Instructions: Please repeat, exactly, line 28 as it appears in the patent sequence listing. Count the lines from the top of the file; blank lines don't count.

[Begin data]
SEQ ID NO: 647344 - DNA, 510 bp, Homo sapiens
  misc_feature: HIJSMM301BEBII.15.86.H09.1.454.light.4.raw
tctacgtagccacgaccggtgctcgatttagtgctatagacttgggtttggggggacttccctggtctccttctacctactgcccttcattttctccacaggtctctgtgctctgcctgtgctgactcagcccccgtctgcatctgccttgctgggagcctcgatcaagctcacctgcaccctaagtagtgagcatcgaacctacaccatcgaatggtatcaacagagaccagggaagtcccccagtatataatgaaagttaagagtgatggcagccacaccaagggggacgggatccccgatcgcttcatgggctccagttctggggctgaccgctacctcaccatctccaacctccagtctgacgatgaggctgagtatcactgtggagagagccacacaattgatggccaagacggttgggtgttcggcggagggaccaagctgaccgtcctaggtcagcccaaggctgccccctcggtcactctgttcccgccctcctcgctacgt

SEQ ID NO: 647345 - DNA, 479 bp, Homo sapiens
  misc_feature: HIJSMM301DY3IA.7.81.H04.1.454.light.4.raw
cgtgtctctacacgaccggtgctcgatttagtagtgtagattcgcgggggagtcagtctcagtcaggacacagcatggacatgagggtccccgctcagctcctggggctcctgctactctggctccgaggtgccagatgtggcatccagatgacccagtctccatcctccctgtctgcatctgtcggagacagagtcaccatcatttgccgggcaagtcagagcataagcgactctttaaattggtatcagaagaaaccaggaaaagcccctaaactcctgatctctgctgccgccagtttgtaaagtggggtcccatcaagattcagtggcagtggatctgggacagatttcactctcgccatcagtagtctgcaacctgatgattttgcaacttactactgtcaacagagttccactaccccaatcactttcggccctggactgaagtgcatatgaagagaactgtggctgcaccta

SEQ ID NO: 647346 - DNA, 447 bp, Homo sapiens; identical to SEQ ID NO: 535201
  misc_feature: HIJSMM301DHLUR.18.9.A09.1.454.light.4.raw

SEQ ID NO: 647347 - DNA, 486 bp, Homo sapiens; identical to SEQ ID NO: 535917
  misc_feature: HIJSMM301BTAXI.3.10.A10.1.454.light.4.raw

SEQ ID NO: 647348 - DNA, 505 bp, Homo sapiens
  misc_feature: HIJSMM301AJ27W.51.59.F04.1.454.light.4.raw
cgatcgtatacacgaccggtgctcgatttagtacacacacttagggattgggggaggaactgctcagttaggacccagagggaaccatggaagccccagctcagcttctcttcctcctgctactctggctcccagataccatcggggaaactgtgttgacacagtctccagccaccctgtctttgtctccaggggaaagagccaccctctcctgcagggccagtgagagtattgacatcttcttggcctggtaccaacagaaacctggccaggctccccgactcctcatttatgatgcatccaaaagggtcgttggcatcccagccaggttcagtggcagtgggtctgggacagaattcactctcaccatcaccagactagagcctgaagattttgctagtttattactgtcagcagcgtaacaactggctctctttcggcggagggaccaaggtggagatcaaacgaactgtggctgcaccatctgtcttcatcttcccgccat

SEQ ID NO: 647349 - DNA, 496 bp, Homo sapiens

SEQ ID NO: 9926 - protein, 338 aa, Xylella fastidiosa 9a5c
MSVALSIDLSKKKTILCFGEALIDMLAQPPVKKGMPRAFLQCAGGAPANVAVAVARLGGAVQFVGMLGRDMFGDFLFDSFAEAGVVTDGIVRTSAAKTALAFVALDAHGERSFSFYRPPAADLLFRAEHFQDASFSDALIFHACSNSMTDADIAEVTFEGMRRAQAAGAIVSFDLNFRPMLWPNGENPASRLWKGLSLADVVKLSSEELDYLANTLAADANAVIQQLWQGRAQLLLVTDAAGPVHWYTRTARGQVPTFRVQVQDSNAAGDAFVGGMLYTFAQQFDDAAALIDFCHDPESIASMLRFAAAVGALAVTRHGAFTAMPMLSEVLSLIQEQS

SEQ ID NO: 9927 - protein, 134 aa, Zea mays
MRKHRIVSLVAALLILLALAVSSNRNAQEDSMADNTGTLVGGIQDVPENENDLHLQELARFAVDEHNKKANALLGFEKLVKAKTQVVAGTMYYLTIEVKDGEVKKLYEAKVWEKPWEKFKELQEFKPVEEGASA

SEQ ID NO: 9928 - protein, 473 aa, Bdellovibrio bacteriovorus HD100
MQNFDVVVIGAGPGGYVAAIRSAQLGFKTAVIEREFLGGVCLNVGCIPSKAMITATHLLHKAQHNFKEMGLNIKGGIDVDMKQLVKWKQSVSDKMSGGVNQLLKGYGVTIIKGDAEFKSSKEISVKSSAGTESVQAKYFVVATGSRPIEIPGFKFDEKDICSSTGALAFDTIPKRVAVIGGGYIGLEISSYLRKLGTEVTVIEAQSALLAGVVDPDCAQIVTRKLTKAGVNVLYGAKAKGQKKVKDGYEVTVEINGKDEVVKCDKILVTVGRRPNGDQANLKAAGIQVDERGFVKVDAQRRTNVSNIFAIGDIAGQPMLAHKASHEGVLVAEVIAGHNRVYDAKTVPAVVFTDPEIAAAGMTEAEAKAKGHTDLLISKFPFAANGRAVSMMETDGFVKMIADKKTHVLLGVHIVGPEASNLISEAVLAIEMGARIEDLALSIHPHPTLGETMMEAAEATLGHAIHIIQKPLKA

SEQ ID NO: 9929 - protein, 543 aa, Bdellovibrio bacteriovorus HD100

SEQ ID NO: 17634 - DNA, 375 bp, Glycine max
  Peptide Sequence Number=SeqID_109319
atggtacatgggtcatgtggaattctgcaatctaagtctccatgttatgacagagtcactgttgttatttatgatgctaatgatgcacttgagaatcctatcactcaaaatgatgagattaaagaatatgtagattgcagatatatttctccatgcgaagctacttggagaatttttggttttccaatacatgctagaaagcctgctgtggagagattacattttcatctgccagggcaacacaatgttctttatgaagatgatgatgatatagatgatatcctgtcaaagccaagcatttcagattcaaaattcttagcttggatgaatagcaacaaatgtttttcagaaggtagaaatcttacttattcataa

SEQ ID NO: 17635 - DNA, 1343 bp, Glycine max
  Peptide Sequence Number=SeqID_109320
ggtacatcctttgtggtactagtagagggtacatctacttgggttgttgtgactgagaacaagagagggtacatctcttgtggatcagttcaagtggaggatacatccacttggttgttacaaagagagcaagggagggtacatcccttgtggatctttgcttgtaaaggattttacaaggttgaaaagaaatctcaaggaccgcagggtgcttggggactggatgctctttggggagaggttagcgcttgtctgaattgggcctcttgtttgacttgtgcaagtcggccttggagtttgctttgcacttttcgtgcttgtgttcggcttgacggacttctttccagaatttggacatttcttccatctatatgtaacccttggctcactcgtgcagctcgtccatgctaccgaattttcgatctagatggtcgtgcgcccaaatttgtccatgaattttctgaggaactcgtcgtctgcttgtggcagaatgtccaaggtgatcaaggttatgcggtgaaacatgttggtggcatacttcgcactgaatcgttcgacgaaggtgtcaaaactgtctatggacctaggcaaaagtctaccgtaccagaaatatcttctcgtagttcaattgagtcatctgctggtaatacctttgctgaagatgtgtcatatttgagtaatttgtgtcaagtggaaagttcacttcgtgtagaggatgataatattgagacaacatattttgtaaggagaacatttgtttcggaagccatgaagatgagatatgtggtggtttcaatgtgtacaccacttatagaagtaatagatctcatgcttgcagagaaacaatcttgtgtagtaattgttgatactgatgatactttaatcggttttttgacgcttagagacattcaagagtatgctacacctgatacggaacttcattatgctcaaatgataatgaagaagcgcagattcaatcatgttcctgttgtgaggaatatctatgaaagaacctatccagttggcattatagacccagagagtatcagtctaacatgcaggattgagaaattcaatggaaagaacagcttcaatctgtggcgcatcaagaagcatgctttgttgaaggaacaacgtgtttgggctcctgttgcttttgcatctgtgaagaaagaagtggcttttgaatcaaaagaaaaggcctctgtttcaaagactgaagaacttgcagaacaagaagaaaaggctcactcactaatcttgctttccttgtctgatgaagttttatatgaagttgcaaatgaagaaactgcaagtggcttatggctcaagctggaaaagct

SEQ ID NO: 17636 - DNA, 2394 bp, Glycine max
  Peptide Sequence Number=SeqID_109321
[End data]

SEQ ID NO: 17636 - DNA, 2394 bp, Glycine max